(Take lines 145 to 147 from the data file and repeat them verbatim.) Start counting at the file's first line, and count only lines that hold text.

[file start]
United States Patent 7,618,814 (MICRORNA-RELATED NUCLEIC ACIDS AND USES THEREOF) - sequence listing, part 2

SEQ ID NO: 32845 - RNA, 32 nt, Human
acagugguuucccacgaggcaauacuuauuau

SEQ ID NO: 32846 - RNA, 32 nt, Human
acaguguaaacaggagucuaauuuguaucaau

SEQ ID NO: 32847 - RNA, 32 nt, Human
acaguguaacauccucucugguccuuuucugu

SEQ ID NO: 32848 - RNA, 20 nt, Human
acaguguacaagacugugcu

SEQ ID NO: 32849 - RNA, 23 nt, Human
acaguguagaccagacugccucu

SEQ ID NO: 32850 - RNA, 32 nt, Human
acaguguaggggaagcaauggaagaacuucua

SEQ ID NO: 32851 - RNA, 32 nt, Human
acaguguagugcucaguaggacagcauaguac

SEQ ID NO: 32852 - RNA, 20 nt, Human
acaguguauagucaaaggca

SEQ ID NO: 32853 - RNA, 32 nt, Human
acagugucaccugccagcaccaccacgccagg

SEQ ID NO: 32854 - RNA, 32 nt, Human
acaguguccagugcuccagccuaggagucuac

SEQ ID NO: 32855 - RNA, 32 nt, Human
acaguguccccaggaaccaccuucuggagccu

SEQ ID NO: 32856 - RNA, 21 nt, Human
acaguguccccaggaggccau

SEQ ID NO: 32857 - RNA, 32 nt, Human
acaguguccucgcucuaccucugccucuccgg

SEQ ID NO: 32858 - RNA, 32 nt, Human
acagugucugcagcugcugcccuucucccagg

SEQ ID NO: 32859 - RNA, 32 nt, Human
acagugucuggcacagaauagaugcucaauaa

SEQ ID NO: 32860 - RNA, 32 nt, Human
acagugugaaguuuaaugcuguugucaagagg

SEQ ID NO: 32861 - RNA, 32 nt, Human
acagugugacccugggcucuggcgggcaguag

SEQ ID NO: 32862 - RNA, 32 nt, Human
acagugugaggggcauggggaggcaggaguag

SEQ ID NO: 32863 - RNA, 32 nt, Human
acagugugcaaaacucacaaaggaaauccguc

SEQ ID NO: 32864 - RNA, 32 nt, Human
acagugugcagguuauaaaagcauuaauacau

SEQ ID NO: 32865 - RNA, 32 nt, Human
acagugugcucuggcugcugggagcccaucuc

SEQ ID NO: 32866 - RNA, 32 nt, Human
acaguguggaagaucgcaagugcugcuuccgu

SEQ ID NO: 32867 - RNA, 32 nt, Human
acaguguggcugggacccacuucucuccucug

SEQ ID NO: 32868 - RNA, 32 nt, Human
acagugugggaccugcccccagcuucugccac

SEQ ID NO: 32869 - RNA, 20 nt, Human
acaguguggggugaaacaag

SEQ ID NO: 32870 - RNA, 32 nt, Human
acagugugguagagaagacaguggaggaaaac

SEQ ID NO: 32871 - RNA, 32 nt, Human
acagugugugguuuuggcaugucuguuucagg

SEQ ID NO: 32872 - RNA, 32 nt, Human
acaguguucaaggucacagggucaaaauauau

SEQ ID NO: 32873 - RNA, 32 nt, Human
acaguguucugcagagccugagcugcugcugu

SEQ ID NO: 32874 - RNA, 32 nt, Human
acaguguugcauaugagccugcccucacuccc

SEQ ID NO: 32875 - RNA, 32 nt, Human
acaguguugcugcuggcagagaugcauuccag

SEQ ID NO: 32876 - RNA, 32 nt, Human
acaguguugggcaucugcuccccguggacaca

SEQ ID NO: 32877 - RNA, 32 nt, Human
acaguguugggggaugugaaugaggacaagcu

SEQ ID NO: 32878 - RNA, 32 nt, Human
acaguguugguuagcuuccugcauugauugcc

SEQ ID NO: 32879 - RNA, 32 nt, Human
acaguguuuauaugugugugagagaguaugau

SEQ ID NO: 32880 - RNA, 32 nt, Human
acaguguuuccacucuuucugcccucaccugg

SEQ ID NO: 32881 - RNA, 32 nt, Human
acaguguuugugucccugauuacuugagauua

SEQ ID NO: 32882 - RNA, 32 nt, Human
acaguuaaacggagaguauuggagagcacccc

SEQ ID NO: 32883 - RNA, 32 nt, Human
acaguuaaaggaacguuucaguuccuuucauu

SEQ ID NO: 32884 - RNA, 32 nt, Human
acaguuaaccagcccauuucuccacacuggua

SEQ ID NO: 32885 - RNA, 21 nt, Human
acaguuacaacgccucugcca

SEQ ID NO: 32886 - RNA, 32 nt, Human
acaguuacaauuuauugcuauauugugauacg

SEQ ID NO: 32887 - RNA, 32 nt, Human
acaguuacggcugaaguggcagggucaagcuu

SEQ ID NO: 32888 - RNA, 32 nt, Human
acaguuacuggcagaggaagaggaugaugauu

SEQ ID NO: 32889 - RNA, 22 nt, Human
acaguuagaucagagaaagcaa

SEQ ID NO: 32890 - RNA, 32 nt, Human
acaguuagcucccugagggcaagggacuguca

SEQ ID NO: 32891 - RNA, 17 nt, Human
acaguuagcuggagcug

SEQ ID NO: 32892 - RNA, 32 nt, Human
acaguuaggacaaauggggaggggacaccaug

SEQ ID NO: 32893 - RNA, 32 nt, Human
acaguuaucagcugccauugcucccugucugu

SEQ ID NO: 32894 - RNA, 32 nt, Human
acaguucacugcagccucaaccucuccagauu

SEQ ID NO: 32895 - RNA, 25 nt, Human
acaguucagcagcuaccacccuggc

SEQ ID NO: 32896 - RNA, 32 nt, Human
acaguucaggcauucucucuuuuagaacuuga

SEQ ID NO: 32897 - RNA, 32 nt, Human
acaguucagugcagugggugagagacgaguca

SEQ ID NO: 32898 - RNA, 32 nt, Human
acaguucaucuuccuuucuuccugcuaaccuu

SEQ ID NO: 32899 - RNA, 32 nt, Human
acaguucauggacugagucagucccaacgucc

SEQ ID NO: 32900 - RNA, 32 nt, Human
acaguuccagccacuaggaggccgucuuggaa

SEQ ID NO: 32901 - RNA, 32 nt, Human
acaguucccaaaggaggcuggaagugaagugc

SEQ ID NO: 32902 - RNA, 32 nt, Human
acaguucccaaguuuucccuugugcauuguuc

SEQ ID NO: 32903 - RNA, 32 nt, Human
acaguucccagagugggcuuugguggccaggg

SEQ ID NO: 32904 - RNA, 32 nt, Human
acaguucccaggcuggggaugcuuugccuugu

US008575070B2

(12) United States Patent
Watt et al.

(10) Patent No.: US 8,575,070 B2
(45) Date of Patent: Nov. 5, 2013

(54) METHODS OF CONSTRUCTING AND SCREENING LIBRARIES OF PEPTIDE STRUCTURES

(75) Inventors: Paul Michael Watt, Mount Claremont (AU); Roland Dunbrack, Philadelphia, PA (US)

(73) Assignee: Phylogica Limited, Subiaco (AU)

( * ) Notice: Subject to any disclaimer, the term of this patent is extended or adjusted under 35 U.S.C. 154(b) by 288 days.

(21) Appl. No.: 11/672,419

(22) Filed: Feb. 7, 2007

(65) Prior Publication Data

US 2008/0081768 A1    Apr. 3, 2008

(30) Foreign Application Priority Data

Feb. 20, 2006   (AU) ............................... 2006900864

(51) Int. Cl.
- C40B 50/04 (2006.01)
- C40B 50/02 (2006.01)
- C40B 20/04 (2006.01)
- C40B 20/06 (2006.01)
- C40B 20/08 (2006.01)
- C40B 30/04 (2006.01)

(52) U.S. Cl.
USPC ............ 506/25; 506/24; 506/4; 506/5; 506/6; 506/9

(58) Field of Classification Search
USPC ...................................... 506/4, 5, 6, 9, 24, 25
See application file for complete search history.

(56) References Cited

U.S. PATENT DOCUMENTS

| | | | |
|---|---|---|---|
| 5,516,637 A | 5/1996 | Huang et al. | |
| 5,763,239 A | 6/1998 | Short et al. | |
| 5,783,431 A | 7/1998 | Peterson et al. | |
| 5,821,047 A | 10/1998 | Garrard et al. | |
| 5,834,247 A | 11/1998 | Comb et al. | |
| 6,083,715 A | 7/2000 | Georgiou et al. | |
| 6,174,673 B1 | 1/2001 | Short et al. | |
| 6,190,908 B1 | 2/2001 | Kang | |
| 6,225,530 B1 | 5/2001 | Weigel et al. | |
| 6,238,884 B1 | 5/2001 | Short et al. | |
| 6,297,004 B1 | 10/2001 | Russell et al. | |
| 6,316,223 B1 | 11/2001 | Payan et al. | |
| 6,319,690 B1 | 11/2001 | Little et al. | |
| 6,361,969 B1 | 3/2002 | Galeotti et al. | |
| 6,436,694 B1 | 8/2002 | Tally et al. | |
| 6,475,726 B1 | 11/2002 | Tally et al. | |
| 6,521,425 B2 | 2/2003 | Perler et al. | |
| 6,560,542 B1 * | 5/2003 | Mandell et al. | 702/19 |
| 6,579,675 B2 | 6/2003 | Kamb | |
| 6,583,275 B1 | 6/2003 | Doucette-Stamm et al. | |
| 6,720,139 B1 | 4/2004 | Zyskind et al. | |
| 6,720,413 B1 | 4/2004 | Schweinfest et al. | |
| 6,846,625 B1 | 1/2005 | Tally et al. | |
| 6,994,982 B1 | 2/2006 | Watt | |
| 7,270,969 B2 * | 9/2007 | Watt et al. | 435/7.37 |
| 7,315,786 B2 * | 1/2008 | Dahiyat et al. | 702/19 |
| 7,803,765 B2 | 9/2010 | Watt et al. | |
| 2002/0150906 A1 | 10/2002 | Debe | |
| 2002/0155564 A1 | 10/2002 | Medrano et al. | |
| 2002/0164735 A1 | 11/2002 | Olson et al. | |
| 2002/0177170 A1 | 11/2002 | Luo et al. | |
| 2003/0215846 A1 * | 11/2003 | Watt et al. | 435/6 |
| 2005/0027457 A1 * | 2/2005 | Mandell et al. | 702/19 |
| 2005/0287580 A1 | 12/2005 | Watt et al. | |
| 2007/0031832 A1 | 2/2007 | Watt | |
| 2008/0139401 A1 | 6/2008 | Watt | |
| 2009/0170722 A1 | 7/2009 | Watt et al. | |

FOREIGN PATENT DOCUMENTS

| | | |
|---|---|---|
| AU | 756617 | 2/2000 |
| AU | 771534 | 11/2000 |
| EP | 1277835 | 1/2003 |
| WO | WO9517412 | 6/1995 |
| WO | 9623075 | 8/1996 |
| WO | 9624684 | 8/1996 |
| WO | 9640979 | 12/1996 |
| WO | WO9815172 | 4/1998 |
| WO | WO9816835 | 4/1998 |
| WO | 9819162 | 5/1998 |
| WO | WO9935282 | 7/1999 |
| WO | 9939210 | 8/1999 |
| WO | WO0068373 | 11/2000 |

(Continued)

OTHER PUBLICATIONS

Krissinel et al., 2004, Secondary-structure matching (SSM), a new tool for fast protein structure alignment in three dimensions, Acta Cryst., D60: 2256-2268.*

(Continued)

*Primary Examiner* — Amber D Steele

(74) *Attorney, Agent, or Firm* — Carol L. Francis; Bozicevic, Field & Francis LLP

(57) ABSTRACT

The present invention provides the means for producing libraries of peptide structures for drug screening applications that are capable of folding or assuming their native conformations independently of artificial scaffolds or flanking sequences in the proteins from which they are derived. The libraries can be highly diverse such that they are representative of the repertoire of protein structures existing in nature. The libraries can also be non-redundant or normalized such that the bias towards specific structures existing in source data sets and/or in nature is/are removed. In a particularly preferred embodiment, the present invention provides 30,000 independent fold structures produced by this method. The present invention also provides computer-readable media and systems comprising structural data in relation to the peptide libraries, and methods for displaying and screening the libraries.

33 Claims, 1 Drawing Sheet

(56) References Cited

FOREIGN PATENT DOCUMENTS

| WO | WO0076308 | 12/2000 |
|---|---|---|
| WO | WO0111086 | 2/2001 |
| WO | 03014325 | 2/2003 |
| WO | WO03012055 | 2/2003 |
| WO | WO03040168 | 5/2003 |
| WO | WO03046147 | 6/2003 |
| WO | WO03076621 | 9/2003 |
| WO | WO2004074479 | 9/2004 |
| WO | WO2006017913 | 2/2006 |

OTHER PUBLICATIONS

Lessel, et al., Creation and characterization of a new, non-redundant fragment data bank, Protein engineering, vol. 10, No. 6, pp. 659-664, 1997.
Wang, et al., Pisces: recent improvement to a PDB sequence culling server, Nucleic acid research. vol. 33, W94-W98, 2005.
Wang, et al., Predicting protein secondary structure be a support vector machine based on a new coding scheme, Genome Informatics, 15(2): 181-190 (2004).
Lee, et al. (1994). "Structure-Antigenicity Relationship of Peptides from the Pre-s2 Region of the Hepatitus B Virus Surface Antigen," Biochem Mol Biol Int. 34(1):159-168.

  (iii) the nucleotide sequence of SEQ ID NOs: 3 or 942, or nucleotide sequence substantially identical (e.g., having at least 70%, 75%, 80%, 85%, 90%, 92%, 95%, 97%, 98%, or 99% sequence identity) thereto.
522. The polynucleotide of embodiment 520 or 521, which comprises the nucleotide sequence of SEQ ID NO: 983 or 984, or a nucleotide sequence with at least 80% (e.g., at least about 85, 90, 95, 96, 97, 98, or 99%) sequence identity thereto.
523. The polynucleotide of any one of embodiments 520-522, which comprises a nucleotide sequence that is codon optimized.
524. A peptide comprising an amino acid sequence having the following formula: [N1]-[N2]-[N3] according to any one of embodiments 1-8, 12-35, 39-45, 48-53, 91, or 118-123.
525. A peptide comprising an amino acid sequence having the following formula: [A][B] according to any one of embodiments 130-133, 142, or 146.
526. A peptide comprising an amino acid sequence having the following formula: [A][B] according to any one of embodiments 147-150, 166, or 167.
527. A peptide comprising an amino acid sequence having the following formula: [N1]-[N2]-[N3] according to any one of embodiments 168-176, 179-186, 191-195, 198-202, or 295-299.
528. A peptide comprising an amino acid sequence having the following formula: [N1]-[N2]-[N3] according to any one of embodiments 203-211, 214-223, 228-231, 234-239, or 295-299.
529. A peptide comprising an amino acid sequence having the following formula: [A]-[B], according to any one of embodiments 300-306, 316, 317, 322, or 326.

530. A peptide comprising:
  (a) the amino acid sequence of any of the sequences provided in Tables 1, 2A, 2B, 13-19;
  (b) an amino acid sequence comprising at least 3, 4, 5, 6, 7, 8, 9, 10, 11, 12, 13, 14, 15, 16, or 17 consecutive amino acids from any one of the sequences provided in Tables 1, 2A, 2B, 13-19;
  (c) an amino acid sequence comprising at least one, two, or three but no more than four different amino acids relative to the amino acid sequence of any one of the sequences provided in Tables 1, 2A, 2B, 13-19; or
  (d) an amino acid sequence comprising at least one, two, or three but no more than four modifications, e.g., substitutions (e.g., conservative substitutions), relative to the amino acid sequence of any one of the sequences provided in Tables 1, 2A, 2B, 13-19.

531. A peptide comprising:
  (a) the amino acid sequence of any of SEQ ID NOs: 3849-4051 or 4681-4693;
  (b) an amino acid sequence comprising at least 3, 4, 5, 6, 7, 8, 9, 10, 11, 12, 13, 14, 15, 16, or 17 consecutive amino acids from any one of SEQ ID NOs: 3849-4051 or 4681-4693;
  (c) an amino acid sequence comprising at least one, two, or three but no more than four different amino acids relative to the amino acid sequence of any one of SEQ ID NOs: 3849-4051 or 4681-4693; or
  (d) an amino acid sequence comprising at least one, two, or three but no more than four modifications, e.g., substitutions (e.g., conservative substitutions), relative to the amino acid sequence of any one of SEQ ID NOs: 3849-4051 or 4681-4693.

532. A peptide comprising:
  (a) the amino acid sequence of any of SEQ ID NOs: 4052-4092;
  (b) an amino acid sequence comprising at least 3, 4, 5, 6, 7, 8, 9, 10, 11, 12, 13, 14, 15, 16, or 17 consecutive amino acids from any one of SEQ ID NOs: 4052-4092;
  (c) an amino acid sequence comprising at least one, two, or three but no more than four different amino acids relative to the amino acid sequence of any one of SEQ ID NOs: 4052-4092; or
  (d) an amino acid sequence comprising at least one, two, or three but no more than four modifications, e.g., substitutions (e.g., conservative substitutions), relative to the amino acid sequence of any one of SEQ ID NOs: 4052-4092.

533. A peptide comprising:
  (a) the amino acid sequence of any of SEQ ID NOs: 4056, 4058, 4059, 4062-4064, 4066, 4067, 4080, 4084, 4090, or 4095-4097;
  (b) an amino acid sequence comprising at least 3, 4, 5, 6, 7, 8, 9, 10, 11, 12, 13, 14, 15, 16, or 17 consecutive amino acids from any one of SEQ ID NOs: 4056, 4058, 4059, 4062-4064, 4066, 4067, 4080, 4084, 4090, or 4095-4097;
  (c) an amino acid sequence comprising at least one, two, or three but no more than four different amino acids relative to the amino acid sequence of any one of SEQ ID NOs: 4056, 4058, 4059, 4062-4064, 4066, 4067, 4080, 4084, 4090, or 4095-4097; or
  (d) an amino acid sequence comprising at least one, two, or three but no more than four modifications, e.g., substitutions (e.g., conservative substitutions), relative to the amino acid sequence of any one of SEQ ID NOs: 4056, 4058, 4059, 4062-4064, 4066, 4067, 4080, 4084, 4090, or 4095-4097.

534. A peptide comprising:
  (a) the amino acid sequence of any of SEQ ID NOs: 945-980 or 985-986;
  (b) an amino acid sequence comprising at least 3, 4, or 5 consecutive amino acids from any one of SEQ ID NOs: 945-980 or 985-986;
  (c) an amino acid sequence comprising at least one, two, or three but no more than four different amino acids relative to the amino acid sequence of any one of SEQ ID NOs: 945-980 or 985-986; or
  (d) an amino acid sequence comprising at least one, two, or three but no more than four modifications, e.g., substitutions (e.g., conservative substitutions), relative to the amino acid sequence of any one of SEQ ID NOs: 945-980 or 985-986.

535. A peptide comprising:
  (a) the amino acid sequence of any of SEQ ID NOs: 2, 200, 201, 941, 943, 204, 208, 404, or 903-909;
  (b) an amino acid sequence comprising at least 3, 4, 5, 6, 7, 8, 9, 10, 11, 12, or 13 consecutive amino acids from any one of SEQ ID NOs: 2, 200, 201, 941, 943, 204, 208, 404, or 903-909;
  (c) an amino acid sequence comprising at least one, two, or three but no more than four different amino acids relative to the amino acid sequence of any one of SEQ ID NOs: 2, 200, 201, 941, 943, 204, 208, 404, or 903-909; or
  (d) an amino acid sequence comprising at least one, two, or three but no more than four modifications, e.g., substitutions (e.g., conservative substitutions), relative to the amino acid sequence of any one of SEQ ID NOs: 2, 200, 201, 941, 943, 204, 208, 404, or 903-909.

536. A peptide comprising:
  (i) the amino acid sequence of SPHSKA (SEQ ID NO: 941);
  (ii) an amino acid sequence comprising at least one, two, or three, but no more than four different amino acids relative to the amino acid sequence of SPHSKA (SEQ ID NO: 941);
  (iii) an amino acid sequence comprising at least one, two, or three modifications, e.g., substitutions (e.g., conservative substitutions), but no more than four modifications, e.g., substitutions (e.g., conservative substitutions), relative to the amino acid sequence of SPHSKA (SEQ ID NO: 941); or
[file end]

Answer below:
USPC ............ 506/25; 506/24; 506/4; 506/5; 506/6; 506/9

(58) Field of Classification Search
USPC ...................................... 506/4, 5, 6, 9, 24, 25